Labeling Microplastics with Fluorescent Dyes for Detection, Recovery, and Degradation Experiments

Molecules. 2022 Nov 1;27(21):7415. doi: 10.3390/molecules27217415.


Staining microplastics (MPs) for fluorescence detection has been widely applied in MP analyses. However, there is a lack of standardized staining procedures and conditions, with different researchers using different dye concentrations, solvents, incubation times, and staining temperatures. Moreover, with the limited types and morphologies of commercially available MPs, a simple and optimized approach to making fluorescent MPs is needed. In this study, 4 different textile dyes, along with Nile red dye for comparison, are used to stain 17 different polymers under various conditions to optimize the staining procedure. The MPs included both virgin and naturally weathered polymers with different sizes and shapes (e.g., fragments, fibers, foams, pellets, beads). We show that the strongest fluorescence intensity occurred with aqueous staining at 70 °C for 3 h with a dye concentration of 5 mg/mL, 55 mg/mL, and 2 µg/mL for iDye dyes, Rit dyes, and Nile red, respectively. Red fluorescent signals are stronger and thus preferred over green ones. The staining procedure did not significantly alter the surface, mass, and chemical characteristics of the particles, based on FTIR and stereomicroscopy. Stained MPs were spiked into freshwater, saltwater, a sediment slurry, and wastewater-activated sludge; even after several days, the recovered particles are still strongly fluoresced. The approach described herein for producing customized fluorescent MPs and quantifying MPs in laboratory-controlled experiments is both straightforward and simple.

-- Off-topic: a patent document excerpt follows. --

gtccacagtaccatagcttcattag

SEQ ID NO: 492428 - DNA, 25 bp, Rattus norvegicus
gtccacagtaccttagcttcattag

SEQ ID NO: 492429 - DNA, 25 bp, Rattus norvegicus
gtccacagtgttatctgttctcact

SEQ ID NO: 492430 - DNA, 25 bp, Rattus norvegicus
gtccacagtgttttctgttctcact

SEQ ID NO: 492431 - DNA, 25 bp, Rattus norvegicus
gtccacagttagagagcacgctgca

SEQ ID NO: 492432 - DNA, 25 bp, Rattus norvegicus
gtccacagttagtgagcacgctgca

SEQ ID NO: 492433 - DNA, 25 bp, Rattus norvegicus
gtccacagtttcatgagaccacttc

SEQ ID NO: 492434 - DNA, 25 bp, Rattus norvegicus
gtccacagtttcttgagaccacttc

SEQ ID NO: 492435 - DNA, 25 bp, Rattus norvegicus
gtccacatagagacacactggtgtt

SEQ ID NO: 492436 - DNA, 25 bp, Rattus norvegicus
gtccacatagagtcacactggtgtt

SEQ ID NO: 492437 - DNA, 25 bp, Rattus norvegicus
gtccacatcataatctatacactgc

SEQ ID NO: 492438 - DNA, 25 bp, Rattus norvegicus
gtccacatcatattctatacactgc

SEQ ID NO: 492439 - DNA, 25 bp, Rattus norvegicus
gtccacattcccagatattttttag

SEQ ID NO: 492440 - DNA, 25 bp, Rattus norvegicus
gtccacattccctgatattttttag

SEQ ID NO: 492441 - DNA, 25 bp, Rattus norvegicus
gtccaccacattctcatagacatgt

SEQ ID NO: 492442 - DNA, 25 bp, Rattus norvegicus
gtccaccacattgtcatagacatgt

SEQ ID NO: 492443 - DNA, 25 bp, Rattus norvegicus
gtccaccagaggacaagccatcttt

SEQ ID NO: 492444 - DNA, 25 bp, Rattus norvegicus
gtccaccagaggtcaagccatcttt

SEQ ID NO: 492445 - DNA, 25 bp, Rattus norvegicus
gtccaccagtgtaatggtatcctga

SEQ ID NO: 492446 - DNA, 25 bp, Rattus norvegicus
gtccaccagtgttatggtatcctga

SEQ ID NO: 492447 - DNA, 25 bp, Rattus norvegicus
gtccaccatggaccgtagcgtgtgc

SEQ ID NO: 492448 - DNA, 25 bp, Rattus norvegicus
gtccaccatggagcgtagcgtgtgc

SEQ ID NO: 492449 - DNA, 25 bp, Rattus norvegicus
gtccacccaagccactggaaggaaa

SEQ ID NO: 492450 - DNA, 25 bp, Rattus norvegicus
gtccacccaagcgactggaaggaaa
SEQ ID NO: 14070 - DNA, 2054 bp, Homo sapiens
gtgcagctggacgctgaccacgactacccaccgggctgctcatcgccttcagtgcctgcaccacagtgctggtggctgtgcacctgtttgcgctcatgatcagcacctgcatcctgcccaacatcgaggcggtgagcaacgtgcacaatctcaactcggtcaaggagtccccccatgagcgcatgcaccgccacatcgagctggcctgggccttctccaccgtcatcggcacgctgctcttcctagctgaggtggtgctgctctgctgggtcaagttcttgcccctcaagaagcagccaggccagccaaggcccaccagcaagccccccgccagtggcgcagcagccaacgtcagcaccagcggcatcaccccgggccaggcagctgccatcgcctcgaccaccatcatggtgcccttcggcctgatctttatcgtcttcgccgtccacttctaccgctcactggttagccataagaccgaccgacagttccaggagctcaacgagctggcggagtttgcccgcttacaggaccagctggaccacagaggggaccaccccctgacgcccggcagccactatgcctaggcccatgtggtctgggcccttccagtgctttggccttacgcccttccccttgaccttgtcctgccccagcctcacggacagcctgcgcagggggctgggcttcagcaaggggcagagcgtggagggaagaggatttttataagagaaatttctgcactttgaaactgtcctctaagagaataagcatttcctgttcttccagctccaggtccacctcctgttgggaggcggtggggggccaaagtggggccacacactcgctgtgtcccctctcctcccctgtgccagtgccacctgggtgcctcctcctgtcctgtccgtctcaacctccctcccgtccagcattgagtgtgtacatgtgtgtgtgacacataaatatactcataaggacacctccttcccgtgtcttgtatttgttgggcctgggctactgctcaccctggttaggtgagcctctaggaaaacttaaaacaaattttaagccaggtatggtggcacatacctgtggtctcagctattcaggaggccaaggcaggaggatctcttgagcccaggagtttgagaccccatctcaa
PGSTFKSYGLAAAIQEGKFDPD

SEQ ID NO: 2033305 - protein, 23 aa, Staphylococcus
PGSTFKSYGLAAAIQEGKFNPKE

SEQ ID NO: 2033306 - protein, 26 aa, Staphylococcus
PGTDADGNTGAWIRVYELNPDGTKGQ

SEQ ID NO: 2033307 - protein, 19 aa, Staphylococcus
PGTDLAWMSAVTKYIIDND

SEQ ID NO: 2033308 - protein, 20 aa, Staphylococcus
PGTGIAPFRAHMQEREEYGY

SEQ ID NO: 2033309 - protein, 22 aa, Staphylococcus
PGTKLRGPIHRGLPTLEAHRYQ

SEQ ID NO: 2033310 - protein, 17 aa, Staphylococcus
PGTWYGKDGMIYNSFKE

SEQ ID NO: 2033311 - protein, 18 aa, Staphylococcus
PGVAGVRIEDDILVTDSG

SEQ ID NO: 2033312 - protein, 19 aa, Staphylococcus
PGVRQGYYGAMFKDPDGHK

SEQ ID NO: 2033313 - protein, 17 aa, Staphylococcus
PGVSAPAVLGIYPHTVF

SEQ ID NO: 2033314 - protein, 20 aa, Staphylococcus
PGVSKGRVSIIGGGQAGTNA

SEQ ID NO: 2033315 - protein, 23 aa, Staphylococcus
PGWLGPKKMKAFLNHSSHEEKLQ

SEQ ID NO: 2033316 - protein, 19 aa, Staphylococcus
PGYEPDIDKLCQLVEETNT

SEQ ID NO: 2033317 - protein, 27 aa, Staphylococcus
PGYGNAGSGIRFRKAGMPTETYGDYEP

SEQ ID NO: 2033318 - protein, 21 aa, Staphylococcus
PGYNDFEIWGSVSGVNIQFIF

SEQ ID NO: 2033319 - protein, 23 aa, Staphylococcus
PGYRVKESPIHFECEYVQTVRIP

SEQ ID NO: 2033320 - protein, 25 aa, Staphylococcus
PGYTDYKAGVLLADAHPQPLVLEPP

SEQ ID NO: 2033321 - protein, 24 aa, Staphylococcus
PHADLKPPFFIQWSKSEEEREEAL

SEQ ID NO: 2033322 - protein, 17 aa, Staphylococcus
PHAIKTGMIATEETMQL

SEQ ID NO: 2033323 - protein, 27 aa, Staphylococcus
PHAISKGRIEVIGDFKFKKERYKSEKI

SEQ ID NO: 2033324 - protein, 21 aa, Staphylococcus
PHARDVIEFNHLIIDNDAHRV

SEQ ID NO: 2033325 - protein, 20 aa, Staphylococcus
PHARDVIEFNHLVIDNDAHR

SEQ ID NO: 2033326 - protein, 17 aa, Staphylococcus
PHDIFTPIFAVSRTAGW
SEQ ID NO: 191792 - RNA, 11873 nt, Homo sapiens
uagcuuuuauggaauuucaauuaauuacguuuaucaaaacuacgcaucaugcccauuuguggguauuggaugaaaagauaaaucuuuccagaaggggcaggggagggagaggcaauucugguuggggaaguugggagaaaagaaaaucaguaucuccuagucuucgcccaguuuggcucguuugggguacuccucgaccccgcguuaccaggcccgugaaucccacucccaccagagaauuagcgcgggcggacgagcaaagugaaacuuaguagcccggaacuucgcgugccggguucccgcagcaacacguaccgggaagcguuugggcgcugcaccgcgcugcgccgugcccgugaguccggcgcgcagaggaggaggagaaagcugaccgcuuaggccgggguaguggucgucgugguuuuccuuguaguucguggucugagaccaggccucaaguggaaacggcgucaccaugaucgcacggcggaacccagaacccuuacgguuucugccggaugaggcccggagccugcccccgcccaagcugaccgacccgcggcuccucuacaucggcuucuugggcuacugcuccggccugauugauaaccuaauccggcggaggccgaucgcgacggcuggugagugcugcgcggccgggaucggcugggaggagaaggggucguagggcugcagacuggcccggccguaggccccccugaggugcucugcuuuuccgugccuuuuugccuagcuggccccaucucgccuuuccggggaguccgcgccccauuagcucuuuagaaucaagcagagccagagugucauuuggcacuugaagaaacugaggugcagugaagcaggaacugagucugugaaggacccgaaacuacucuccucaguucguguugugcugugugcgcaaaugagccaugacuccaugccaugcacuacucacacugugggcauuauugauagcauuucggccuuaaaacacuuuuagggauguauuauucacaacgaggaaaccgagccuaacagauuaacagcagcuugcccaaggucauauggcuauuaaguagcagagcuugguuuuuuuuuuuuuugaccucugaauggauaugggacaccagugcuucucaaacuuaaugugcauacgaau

Keywords: Nile red; fluorescence; hydrophobicity; microplastics; textile dyes.

MeSH terms

  • Environmental Monitoring / methods
  • Fluorescent Dyes / analysis
  • Microplastics*
  • Plastics
  • Wastewater / analysis
  • Water Pollutants, Chemical* / analysis


  • Microplastics
  • Plastics
  • Fluorescent Dyes
  • Water Pollutants, Chemical
  • Waste Water